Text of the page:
Better research is needed
“Lastly, I’m not a chronic fatigue doctor, but I have learned a lot about chronic fatigue in the last six months and have spoken to a lot of patients. I’m absolutely convinced that when you define this disease by proper criteria, this is a very serious and significant medical disease, and not a psychological disease. It has the characteristics of a viral disease. It usually starts with a viral-like illness. If XMRV is not the causative agent — and it may well not be — there is still need by other groups to look for the next agent which may be the case.” – Dr. Harvey Alter, NIH Investigator, FDA Blood Products Advisory Committee meeting, 2010,
“It’s a shame, in fact, that today the CDC’s budget to study this illness is half of what it was in 2005. And the NIH support for studying this illness is less than it was several years ago. It’s a shame because the tools to study it today are nothing like they were 20 years ago.” – Dr. Anthony Komaroff, Harvard Medical School, Senate briefing in 2008.
“… I would like to point out that one of the cardinal features of myalgic encephalomyelitis, neurological abnormalities, was reported to the original CDC representatives who came to Incline Village to confer with Dr. Cheney and Dr. Peterson; however, the committee that was formed by the CDC to produce a definition totally ignored these findings, which had been verified at the time by Dr. Sheila Bastien….” – Steven Du Pre, Vice President of the California Capital Area M.E./CFIDS Association, a 2005 letter to Dr. J. Gerberding of the CDC.
“The harsh reality is that research on CFS, viruses, and cardiac abnormalities is under-funded, ignored and at times outright dismissed by those charged with informing the public of the dangers of disease.” – Dr. Mary Schweitzer, patient, testimony to Chronic Fatigue Syndrome Advisory Committee, 2005.
Inform people of the seriousness of this illness
“We’ve documented, as have others, that the level of functional impairment in people who suffer from CFS is comparable to Multiple Sclerosis, AIDS, end-stage Renal Failure, Chronic Pulmonary Disease.” – Dr. William Reeves, former CDC Chief of Viral Diseases Branch, 2006 Press Conference
“They experience a level of disability equal to that of patients with late-stage AIDS and patients undergoing chemotherapy…” – Dr. Nancy Klimas, University of Miami, 2006 Press Conference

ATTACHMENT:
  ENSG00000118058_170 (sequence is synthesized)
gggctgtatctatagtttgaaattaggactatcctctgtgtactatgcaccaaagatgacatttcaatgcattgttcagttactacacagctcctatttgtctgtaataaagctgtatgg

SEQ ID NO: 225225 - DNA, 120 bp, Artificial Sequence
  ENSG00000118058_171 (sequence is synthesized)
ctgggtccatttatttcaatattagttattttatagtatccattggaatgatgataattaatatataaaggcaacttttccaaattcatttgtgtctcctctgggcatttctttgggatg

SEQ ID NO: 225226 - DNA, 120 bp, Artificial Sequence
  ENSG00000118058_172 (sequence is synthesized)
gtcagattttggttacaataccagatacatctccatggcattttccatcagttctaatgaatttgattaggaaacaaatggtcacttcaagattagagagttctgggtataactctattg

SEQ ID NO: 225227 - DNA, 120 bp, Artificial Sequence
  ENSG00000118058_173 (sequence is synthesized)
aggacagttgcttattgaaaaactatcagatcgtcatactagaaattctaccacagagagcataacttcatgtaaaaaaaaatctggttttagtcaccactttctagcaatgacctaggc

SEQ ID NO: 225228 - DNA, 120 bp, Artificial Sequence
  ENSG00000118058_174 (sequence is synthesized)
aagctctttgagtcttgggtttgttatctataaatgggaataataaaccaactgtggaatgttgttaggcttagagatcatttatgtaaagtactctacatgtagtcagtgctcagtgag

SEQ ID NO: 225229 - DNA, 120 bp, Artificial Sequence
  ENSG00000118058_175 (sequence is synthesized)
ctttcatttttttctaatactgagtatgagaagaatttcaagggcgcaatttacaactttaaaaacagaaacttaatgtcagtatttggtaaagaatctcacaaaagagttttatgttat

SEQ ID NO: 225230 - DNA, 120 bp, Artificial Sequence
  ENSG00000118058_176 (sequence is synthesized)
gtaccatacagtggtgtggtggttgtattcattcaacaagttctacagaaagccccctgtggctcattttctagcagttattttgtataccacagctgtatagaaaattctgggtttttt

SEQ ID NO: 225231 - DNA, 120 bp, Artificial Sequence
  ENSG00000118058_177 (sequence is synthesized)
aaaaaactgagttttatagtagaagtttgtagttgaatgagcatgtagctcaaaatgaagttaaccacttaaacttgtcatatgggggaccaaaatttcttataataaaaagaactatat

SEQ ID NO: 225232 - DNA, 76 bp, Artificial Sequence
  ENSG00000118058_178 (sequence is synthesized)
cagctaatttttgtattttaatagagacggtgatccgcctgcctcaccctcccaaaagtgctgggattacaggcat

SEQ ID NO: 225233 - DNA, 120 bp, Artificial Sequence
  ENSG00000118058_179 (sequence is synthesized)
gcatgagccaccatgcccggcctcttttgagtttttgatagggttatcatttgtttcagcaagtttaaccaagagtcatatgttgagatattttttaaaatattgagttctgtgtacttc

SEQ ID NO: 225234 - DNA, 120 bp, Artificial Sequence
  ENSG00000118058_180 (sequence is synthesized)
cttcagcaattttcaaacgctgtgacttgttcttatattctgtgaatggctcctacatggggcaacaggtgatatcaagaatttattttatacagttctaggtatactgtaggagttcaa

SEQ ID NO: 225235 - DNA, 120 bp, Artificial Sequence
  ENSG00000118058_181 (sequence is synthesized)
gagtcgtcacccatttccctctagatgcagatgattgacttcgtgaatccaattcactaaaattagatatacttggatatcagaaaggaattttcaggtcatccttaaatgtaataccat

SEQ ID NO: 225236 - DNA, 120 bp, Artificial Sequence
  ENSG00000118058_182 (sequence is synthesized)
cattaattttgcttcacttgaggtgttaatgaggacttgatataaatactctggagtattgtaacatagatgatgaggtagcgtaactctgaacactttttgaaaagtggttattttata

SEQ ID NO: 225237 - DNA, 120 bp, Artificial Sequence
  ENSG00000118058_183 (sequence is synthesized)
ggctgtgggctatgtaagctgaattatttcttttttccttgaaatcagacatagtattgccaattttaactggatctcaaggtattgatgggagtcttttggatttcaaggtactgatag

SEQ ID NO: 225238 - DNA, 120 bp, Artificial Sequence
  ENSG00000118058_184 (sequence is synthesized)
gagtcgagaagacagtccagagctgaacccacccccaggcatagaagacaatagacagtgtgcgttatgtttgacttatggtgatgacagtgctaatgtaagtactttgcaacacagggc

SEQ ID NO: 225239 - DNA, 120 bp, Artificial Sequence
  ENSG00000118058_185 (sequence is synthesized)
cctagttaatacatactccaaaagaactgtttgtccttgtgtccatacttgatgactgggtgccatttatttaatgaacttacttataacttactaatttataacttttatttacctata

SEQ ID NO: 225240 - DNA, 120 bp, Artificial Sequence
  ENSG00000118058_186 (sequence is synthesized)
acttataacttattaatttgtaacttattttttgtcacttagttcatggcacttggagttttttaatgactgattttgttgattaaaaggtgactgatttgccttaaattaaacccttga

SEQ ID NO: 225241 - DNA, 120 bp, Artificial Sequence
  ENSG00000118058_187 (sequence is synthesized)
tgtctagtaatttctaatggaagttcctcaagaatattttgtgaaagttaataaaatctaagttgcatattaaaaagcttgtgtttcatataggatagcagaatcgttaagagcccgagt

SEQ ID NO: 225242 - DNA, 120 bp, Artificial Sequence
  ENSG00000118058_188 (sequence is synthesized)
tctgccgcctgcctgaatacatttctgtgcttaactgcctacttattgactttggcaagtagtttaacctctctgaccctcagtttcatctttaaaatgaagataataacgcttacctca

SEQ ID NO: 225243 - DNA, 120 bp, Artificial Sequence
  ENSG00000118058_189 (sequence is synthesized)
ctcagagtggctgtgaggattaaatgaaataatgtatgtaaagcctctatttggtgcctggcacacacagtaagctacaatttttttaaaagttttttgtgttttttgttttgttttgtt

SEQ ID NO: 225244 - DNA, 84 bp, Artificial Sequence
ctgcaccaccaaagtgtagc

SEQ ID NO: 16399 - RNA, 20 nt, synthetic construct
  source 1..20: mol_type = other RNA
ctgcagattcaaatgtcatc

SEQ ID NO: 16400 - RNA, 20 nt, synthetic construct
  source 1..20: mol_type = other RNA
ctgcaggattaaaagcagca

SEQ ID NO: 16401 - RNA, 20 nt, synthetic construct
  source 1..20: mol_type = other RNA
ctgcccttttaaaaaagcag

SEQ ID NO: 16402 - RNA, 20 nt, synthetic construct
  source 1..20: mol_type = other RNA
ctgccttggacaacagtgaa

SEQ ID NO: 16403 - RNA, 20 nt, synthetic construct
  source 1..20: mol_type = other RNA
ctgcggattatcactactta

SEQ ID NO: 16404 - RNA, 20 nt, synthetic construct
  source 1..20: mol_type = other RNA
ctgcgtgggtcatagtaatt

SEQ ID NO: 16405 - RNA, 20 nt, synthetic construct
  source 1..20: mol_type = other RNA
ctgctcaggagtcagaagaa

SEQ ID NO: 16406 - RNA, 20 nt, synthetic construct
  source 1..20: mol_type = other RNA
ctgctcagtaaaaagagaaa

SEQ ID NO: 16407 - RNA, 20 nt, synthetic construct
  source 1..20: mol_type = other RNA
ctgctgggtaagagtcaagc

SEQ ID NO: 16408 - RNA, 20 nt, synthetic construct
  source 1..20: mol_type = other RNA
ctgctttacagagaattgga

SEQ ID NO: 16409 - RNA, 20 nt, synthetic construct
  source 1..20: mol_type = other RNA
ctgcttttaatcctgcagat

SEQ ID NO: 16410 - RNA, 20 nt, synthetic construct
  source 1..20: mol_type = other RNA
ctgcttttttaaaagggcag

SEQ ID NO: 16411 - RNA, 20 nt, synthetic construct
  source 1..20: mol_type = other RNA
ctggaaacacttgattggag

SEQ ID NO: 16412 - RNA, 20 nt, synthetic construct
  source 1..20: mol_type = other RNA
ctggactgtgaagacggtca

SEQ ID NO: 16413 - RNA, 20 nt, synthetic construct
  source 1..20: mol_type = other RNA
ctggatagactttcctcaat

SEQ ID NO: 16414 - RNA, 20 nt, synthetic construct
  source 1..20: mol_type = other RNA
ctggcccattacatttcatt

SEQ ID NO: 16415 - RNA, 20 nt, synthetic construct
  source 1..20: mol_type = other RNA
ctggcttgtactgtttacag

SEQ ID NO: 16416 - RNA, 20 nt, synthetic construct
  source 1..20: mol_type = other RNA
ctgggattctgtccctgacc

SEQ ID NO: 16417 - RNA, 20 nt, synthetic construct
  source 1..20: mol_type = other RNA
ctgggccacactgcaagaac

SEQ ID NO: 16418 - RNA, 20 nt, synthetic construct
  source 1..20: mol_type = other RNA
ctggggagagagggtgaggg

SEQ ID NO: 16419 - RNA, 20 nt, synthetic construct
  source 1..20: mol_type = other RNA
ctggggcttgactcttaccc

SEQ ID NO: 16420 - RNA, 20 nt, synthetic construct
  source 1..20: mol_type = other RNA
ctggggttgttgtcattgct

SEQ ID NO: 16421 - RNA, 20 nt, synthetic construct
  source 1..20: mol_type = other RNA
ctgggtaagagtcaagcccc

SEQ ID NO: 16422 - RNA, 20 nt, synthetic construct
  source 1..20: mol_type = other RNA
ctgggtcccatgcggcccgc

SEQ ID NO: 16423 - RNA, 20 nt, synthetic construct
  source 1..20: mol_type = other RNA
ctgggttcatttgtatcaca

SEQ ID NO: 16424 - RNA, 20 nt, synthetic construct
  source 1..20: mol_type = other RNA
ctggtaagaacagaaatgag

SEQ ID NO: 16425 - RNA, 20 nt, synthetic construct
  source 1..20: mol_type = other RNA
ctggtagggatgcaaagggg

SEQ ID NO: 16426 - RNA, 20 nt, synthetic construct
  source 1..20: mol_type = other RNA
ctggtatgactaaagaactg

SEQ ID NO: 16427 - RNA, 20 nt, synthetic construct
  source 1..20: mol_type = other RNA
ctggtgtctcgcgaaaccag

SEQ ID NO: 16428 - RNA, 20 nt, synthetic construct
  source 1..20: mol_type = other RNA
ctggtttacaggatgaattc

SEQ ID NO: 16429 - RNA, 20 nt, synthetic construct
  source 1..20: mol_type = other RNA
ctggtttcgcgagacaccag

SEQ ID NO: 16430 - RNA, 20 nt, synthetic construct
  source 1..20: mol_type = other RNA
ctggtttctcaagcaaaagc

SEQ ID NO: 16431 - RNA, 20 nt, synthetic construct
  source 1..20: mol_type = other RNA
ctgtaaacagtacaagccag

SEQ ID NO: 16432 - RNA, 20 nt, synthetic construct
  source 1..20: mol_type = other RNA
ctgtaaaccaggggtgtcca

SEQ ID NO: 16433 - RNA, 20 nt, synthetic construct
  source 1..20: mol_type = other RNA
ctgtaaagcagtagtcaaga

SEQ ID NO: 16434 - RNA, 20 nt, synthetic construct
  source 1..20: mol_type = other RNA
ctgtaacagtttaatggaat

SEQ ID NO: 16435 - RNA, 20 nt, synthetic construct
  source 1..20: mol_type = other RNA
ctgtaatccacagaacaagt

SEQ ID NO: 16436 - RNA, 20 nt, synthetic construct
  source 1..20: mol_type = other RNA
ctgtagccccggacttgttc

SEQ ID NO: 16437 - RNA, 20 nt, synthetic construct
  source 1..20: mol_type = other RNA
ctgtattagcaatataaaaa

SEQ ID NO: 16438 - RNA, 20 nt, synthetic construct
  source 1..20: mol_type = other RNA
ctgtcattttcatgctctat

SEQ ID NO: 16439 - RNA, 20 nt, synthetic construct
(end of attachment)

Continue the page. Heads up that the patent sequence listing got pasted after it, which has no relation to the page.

“Chronic Fatigue Syndrome is a serious illness; it’s a real illness that’s affecting at least 1 million Americans.” - Dr. Julie Gerberding, former Director of CDC, 2006 Press Conference
“The bad news is we don’t know what causes it or how to treat it successfully. But the good news is that there are now over 4,000 published studies that show underlying biological abnormalities in patients with this illness. It’s not an illness that people can just imagine that they have, and it’s not a psychological illness. In my view, that debate, which has raged for 20 years, should now be over.” – Dr. Anthony Komaroff, Harvard Medical School, 2006 Press Conference
“We need the public to be told now that there is a serious disease out there, and that nearly 1 million people in the United States have it. They need to be told of the uncertainty about the cause, prognosis, and cure. They need to be told what they should be tested for to rule out other diseases. And they need to know that patients die.” - Dr. Mary Schweitzer, patient, testimony to Chronic Fatigue Syndrome Advisory Committee, 2005.
Physicians need to be educated
“Given the fact that less then 20% of the patients that have this illness actually carry the diagnosis, have been to the doctor and been diagnosed, it’s clear we have a long, long way to go.” – Dr. Nancy Klimas, University of Miami, 2006 CDC Press Conference
“If you listen carefully to the patient, they will tell you the diagnosis.” – William Osler, Physician in Chief at Johns Hopkins Hospital in the late 1880s.
“Many patients, like that first patient I saw in 1983, say, in so many words, ‘It all started with that flu, that virus.’ It surprises me when some of my colleagues hear that from a patient and don’t take it seriously.” – Dr. Anthony Komaroff, Harvard Medical School, Senate briefing in 2008.
“In spite of all we have learned about CFS, and the promised research on the horizon… there are very few mechanisms to share this knowledge with physicians and other providers on the front line of patient care. Armed with our current information and a little confidence, I know my peers can competently and capably provide better care for patients with CFS.” – Dr. Lucinda Bateman, Utah Physician, Senate briefing in 2008.
“It can be overwhelming to be a CFS expert but not because of the challenging nature of the illness or the patients I greatly respect who have trusted me with that label. But because I am only one faced with thousands in need. And there are too few of us who identify ourselves as CFS providers to meet the demands of care.” – Dr. Lucinda Bateman, Utah Physician, Senate briefing in 2008.
A new name and research criteria is needed
“I’m absolutely convinced that when you define this disease by proper criteria, this is a very serious and significant medical disease, and not a psychological disease. It has the characteristics of a viral disease. It usually starts with a viral-like illness. If XMRV is not the causative agent — and it may well not be — there is still need by other groups to look for the next agent which may be the case.” – Dr. Harvey Alter, testimony to the FDA Blood Products Advisory Committee, 2010.
“Nevertheless, the construction of the CFS label has resulted in a disproportionate allocations of funding towards psychosocial models of the illness. It has been left to a small minority of pioneer researchers—funded by smaller charities to identity the physiological causes of M.E. and try to find a cure.” – Dr. Vance Spence, Chairman of the ME Research UK, forward in the book “Shattered” in 2003.